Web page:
Marcy in the Clouds (January)

posted in: 46er, Adirondacks, Landscape | 1

Since the summit forecast called for partly cloudy skies and 10-20mph winds, I set out early intending to hike Marcy, Skylight and Gray. Like the previous day it was still warm, just about at the freezing point, in the Loj parking lot.

Within fifteen minutes I knew something was wrong. I wore my heavier boots from last winter, the first time this year, and I felt a distinct rubbing on the back of my heel. I changed into snowshoes at the Algonquin junction just 0.9 miles in, and adjusted them again at Marcy Dam. Finally at the Phelps junction (1 mile from the Dam) I re-laced everything, and it helped but the damage had already been done.

I continued on because the snow was great for snowshoeing, but realized that Skylight and Gray weren’t on my itinerary today.

Just before hitting the fully-exposed part of Marcy, the wind picked up and the dim sunshine and blowing snow made the landscape ethereal. I felt a bit like I was on another planet, which made me think about the Apollo astronauts who actually were. I marvel at their bravery, and how spectacularly isolated they were if anything were to have happened to them.

Ethereal light through hazy sun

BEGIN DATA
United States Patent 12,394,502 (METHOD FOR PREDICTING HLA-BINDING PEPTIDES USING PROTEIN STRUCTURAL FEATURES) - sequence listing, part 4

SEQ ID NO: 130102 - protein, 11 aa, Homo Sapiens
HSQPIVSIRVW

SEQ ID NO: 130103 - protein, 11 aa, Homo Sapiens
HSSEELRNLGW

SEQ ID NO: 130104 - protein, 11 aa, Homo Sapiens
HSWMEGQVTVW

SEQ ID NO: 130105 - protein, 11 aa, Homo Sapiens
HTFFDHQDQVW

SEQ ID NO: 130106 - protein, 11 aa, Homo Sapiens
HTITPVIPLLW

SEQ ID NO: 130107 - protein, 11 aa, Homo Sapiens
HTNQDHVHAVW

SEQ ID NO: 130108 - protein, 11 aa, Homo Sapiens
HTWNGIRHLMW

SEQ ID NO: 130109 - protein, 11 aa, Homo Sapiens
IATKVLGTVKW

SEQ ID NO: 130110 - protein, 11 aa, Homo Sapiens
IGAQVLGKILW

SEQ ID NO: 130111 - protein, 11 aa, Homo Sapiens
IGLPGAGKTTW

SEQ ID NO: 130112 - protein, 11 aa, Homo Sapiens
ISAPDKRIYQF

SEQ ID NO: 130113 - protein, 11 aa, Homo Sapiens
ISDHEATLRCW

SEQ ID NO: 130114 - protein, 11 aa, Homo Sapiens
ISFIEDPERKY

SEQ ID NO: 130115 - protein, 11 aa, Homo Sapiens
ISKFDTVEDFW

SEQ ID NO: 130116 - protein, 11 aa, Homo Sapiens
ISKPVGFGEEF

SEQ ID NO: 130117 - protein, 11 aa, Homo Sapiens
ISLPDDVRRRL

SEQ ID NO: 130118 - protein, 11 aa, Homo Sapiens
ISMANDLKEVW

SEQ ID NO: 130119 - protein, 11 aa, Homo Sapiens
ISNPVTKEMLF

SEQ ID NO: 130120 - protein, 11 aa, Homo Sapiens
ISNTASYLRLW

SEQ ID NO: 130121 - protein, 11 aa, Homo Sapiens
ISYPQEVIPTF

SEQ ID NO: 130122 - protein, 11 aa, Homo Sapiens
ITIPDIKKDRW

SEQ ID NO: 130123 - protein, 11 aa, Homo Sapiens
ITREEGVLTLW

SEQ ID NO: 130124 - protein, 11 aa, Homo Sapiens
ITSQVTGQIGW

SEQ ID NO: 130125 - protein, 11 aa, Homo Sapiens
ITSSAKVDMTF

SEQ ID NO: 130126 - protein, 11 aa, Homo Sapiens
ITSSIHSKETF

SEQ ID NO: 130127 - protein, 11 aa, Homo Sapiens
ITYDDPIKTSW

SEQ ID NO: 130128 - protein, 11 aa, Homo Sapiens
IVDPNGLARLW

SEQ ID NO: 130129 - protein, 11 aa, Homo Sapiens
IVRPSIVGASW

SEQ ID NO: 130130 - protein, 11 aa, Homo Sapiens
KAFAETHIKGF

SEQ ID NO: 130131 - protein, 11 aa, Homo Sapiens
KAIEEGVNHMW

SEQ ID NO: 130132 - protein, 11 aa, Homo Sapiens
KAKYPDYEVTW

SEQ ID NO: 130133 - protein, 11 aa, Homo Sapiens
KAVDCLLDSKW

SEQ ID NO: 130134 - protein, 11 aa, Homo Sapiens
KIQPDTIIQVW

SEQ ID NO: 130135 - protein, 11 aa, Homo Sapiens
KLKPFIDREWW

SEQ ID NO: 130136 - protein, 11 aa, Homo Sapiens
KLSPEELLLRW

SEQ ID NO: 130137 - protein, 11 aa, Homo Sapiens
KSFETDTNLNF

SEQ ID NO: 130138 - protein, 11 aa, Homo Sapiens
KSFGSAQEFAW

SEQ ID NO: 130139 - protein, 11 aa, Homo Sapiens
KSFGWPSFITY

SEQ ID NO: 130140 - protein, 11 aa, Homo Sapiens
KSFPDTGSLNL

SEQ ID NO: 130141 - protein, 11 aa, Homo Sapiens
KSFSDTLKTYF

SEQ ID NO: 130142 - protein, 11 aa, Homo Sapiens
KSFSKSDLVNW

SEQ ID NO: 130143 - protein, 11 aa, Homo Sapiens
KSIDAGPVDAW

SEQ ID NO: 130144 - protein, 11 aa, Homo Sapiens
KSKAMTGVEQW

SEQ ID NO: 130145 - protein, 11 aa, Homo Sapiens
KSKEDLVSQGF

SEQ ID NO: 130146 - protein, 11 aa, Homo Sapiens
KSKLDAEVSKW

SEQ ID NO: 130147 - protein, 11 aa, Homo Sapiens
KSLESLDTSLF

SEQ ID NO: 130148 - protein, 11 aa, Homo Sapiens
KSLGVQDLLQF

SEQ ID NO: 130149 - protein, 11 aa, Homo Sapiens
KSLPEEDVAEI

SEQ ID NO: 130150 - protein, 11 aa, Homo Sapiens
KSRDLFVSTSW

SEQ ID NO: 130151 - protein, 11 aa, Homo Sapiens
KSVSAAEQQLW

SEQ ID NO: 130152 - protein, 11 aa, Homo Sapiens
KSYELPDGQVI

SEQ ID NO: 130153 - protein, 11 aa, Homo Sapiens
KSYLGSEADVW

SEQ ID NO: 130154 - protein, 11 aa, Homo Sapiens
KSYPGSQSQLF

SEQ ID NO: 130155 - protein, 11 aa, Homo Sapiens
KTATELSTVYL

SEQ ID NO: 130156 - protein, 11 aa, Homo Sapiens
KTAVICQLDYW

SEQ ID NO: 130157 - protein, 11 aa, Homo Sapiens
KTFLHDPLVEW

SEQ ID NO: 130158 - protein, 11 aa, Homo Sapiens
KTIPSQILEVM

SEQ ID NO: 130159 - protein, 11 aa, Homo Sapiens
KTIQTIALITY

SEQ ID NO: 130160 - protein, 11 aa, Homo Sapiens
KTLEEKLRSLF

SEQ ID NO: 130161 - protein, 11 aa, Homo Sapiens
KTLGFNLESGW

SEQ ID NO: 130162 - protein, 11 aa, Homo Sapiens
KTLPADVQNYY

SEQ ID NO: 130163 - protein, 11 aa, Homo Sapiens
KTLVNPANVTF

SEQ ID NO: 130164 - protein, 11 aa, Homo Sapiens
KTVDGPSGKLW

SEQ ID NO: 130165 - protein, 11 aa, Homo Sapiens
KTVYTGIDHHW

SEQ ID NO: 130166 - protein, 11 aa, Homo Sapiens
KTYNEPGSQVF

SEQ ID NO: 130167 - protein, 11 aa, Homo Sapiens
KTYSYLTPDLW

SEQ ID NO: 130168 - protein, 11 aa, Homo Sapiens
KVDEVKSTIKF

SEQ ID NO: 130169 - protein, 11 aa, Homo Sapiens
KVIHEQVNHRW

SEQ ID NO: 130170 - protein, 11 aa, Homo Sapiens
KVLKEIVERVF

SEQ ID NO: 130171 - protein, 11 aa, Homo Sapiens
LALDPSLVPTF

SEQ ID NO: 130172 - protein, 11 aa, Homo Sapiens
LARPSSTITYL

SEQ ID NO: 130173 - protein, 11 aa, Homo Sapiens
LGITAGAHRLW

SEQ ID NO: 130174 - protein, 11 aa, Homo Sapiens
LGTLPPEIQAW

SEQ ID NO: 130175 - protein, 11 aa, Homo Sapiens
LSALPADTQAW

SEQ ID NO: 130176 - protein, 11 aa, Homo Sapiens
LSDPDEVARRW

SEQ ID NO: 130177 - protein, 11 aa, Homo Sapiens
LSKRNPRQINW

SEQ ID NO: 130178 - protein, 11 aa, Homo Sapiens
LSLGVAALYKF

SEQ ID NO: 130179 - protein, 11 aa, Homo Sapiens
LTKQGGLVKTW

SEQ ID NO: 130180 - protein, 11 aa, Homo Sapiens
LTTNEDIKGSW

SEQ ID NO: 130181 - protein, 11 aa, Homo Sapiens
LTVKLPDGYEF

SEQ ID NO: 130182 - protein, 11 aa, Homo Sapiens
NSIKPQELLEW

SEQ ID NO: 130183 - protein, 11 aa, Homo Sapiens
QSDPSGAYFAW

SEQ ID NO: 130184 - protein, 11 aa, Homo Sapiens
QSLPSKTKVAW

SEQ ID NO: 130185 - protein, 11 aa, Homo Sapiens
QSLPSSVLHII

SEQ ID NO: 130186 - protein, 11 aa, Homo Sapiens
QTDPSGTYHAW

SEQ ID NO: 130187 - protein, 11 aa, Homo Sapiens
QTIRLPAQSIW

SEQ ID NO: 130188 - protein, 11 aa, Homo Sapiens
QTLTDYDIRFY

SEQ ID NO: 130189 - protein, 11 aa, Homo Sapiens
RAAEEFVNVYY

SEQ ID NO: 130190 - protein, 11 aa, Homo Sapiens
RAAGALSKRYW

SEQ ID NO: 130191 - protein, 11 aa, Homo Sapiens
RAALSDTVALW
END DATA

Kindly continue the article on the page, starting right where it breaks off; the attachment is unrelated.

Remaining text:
I saw very few people all day. One I met just a half mile from the summit, and since it was early I asked if he had come up from Lake Colden. No, he had arrived later than expected the night before and was heading over Marcy to Panther Gorge. In attempting to traverse Marcy (Panther Gorge is on the far side, between Marcy and Haystack) he had taken a wrong turn and, according to him, bivouacked at 4,500 feet (Marcy is at 5,344 feet) when he realized that he was lost. Kudos to him for braving what would have led most people to call for a ranger pickup. (And given the lack of visibility and ~35mph winds, a rescue may not have been successful.)

I suspect from his track that he missed the left-hand turn that starts down to Four Corners, and instead walked straight over the summit to the southwest side. That’s a surefire way to get stuck in spruce traps and heavy drifts; in places, the snow had fully engulfed 8-foot trees. My day was a much simpler out-and-back than his.

One Response

  1. Dick mumaugh

    If I was hiking in these conditions, I would be lost.

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